The Veterans Health Administration (VHA), operated by the Department of Veterans Affairs (VA), is the largest integrated health system in the United States, with 1,298 facilities nationwide (including four medical centers and 36 clinics in North Carolina alone). Despite the VHA’s size, many of the 9 million Veterans enrolled in the VA health care program have difficulties accessing the system’s facilities. To make it easier for these Veterans to access quality care for which they are eligible, Congress passed the VA Maintaining Internal Systems and Strengthening Integrating Outside Networks (MISSION) Act of 2018, which went into effect in June 2019.1
The MISSION Act covers a wide range of issues including in-home care, access to walk-in VA care, telehealth, and prescription drug programs. A key element is the VA Community Care (VACC) program, which replaced the Veterans Choice program. VACC enables enrolled Veterans to access VA-supported care more easily through select community health care facilities that are not part of the VHA system. A Veteran is eligible for VACC by meeting any one of the following criteria: needs a service not available at the VA medical facility, lives in a state or territory without a full-service VA medical facility, qualifies under the “grandfather” provision related to distance eligibility for the Veterans Choice Program, VA cannot furnish care within certain designated access standards, it is in the Veteran’s best medical interest, and a VA service line does not meet certain quality standards.2 The goal is to ensure timely and appropriate care and to widen the availability of Veteran-centric care beyond the walls of the VHA.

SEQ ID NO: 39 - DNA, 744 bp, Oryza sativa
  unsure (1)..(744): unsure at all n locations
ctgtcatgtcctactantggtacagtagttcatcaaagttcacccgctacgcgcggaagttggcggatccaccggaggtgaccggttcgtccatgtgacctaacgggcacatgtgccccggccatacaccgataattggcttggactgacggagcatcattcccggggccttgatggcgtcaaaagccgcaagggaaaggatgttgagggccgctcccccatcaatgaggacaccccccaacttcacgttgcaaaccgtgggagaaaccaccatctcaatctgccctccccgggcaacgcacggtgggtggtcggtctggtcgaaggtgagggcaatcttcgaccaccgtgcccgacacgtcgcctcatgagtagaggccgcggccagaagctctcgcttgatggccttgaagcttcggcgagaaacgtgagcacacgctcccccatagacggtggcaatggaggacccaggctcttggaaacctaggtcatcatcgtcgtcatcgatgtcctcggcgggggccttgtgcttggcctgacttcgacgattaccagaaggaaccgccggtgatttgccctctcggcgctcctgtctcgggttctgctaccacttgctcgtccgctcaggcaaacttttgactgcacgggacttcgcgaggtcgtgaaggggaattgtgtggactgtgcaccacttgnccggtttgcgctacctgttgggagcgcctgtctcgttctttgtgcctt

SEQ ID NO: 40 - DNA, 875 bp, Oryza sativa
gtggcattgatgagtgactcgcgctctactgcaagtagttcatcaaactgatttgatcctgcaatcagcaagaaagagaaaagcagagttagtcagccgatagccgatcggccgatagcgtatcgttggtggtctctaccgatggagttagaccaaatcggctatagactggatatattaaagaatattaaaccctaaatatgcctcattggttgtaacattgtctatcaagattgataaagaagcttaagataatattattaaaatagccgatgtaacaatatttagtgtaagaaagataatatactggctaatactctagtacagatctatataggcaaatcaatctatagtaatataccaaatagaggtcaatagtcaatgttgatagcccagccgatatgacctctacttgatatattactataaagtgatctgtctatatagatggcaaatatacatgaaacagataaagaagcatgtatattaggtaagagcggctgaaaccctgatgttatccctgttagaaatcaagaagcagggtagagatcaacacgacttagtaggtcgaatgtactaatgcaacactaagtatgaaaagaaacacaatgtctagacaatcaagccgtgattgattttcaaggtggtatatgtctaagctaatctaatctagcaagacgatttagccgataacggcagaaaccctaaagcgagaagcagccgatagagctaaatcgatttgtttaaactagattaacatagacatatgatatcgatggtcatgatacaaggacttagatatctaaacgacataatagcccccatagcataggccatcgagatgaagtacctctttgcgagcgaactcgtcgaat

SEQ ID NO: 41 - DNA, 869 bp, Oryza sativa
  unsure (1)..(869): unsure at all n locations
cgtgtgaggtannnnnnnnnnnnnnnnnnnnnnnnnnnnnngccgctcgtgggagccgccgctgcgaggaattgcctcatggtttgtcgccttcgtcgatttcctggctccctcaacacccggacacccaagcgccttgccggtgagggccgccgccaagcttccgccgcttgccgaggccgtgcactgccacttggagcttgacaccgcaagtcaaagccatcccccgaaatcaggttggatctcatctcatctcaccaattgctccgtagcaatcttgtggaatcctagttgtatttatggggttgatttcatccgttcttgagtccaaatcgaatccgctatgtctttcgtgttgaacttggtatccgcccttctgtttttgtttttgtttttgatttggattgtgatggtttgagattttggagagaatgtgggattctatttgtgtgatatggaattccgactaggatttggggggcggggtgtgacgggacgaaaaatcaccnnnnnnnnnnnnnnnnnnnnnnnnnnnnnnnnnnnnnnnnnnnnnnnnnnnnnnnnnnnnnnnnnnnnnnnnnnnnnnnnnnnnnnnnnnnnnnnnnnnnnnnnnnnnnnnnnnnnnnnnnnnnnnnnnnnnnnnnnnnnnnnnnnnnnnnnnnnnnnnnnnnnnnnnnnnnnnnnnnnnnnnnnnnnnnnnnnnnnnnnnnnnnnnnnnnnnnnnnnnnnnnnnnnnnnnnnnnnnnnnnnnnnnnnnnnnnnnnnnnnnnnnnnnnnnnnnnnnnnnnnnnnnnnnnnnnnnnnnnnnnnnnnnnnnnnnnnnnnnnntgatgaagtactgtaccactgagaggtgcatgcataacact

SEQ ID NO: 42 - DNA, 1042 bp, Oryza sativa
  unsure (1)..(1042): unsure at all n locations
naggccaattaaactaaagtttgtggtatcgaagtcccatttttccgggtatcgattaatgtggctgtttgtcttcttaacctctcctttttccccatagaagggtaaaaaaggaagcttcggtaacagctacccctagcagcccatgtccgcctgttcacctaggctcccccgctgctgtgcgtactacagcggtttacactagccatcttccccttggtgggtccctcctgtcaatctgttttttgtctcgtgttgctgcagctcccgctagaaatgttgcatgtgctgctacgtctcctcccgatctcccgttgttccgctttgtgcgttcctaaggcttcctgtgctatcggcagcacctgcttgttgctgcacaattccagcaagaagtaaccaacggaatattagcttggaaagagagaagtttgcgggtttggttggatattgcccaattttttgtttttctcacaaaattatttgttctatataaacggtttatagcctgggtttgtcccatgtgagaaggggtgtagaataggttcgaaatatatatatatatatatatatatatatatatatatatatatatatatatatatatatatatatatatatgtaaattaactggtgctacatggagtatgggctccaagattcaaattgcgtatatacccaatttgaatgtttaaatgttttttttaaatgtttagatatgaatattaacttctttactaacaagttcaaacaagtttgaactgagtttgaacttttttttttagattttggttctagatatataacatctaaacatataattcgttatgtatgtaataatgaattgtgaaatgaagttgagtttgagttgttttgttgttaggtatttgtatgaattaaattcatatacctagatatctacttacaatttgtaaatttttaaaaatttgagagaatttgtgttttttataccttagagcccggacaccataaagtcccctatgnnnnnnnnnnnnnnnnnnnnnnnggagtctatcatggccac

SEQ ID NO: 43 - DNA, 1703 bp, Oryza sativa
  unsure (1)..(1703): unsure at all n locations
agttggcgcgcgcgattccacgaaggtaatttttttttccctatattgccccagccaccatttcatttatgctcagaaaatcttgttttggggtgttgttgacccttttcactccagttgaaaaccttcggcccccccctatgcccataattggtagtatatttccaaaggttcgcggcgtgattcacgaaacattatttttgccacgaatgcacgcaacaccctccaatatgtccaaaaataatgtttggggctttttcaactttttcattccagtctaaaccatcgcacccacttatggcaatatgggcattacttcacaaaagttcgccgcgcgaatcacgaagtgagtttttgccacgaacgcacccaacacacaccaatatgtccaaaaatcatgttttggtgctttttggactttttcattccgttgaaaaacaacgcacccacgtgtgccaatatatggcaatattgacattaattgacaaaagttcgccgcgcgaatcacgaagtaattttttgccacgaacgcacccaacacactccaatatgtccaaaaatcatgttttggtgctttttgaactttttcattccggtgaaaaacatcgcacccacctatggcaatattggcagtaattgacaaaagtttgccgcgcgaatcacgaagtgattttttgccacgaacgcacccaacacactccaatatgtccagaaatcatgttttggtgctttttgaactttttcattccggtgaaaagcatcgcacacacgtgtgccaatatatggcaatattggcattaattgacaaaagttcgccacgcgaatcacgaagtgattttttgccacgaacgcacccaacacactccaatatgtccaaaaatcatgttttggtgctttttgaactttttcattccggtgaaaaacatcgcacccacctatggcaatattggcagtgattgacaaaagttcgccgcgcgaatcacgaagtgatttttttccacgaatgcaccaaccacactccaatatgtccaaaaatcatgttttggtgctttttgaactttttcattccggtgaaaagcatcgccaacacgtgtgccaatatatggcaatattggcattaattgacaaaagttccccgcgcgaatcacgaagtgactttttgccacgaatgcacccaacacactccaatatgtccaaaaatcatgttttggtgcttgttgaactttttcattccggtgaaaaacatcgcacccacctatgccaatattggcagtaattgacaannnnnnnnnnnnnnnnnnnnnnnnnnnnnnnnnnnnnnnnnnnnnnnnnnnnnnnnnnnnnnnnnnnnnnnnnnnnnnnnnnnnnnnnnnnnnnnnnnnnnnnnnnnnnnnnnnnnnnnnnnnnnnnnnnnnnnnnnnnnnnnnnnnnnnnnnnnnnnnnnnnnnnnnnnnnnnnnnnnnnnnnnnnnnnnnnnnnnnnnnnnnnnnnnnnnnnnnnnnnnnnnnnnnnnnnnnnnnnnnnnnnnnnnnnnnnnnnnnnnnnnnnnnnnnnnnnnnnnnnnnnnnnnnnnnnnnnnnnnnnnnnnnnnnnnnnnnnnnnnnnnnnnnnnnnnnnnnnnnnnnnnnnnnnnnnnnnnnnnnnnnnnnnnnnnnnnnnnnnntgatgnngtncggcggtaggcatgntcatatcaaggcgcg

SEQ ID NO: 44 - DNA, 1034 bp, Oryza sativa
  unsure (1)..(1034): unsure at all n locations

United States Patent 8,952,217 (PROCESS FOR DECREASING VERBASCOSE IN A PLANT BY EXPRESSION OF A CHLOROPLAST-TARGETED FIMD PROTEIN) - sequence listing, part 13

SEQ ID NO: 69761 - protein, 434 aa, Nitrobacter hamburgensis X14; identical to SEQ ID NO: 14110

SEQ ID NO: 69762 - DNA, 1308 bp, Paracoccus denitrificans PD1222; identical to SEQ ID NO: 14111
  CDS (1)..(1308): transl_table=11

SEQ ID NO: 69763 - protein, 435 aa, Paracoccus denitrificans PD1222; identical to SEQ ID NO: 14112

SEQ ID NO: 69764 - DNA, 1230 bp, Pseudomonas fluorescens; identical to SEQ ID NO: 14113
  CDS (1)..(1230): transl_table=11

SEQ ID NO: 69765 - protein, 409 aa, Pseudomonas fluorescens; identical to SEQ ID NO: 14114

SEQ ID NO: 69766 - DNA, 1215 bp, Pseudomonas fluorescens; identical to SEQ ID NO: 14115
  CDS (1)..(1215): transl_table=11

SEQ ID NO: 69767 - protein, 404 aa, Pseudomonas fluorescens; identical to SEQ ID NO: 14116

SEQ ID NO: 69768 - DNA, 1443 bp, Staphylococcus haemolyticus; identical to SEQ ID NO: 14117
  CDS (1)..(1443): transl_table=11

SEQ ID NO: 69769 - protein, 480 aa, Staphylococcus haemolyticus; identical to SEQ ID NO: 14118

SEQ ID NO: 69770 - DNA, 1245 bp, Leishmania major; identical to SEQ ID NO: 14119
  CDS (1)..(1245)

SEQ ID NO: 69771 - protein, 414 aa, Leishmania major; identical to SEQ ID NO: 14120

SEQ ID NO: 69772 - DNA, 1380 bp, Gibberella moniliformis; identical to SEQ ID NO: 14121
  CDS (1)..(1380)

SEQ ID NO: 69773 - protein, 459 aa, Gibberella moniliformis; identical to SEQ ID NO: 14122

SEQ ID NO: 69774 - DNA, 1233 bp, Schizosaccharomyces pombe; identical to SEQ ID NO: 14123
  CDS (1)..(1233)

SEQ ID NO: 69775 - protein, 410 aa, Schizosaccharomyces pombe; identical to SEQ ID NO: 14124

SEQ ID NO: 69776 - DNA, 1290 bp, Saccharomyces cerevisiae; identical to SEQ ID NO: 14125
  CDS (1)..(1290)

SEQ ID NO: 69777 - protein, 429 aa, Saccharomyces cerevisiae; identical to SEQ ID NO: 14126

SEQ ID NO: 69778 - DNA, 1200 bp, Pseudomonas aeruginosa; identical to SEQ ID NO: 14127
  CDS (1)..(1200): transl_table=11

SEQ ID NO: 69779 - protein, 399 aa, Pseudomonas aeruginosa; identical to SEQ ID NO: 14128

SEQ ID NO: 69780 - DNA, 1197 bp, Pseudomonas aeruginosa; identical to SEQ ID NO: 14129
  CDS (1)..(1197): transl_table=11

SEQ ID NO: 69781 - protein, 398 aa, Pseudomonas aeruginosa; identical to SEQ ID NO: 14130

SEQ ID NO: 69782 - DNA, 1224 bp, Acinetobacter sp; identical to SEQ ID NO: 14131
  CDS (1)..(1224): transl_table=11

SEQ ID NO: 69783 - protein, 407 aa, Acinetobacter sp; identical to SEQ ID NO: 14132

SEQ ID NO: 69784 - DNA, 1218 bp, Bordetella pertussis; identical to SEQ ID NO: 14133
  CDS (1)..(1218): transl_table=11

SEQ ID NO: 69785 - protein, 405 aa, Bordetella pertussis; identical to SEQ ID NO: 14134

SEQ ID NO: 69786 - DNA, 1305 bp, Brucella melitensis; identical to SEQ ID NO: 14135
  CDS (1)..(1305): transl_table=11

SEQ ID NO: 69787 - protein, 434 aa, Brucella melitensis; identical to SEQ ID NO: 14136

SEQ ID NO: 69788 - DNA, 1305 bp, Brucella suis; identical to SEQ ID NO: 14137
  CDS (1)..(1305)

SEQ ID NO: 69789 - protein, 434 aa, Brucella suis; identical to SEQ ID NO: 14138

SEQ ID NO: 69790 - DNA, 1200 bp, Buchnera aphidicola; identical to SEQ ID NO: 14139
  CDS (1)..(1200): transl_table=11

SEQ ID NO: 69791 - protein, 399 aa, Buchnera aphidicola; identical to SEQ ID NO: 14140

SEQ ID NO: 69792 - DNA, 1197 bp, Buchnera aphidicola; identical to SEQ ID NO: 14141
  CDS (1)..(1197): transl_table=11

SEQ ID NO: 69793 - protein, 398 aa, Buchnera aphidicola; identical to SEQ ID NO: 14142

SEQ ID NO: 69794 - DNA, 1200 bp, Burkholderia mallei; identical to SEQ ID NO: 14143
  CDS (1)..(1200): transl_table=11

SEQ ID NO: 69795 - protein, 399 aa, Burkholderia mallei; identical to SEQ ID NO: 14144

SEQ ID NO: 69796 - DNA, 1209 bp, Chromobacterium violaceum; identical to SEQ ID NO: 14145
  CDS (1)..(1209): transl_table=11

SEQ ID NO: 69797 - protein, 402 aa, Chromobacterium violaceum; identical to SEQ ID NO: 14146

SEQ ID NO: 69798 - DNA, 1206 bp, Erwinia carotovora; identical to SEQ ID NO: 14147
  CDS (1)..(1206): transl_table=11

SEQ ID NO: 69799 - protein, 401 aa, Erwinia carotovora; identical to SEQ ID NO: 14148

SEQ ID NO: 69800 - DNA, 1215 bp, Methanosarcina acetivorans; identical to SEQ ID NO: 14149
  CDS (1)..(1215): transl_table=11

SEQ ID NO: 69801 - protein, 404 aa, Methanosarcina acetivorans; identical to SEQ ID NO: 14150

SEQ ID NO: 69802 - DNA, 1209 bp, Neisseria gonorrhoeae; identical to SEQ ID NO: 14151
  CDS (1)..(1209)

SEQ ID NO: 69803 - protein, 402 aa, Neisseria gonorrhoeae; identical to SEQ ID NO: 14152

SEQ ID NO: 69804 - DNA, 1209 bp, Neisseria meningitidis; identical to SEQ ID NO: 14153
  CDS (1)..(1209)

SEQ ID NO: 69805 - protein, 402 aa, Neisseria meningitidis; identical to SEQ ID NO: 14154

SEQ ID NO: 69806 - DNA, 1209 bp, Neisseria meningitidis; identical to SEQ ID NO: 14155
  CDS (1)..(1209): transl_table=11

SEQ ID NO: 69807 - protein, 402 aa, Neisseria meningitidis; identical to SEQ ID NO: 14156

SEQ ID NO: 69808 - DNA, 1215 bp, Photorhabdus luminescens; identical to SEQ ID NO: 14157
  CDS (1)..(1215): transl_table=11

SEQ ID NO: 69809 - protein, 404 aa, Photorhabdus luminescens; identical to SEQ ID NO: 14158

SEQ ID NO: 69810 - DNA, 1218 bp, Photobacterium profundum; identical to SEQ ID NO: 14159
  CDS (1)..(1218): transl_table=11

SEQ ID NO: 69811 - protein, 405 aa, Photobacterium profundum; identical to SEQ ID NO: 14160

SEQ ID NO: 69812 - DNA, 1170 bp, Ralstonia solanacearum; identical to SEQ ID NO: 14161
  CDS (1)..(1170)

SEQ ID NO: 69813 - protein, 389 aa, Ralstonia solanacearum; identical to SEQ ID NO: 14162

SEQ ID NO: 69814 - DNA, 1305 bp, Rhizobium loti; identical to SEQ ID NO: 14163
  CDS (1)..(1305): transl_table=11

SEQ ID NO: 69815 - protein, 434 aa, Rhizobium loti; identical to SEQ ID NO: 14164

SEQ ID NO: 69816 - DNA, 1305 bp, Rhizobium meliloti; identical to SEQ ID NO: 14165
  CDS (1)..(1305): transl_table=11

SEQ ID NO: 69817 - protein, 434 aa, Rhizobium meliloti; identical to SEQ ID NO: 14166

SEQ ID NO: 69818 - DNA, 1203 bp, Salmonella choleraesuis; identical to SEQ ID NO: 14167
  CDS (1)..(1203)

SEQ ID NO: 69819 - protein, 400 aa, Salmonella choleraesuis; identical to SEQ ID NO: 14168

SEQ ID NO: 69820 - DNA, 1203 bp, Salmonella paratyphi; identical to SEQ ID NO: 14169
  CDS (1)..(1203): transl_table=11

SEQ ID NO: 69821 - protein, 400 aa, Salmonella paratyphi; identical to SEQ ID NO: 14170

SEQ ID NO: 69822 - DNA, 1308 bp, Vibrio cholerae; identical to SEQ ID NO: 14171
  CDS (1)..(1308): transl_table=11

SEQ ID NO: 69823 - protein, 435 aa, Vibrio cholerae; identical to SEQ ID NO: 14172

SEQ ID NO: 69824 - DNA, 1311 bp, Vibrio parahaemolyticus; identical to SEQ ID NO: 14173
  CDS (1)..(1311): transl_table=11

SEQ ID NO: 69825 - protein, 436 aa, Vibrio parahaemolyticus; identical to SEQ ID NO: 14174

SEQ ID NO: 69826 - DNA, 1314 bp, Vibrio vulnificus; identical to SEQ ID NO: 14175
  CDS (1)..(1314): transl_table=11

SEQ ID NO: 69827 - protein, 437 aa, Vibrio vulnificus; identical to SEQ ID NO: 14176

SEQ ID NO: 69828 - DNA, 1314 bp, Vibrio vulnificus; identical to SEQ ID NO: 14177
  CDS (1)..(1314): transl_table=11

With the recent enactment of the PACT Act substantially increasing the number of Veterans who will be eligible for VA care, and therefore putting additional pressure on the system,3 now is a good time to evaluate whether the MISSION Act is achieving this goal effectively.
Are Eligible Veterans Accessing VA Community Care?
Eligibility for VACC first requires enrollment in the VHA. Of the nation’s 16.5 million Veterans (approximately 700,000 in North Carolina), almost 10 million are enrolled in the VHA (about 400,000 in North Carolina).4 Of those Veterans enrolled in the VHA, about 23% qualify for VACC (86,712 in North Carolina).5,6 This means approximately 14% of the total Veteran population are eligible for VACC.7
These Veterans are eligible to use commercial facilities in a Community Care Network (CCN) that is contracted and managed regionally through one of two companies— TriWest or OptumServe. There are 20 CCN outpatient clinics scattered throughout North Carolina, which is in a region managed by OptumServe, providing significant additional access to care for North Carolina’s eligible Veterans. The question of whether eligible Veterans are using facilities in the CCN is more difficult to answer—data are spotty at best, with no available information directly assessing Veterans’ utilization of the CCN. Most importantly, in most cases, Veterans must receive approval from VA staff members, who generally make all eligibility determinations, before receiving care from a community provider.8 A 2021 investigation by USA Today indicated that the VA itself is, in some cases, hindering access to outside care:
“A review of thousands of pages of department manuals and medical records, along with interviews with dozens of patients, advocates and providers, shows that VA administrators are overruling doctors’ judgments and preventing them from sending their patients outside the VA health care system”.9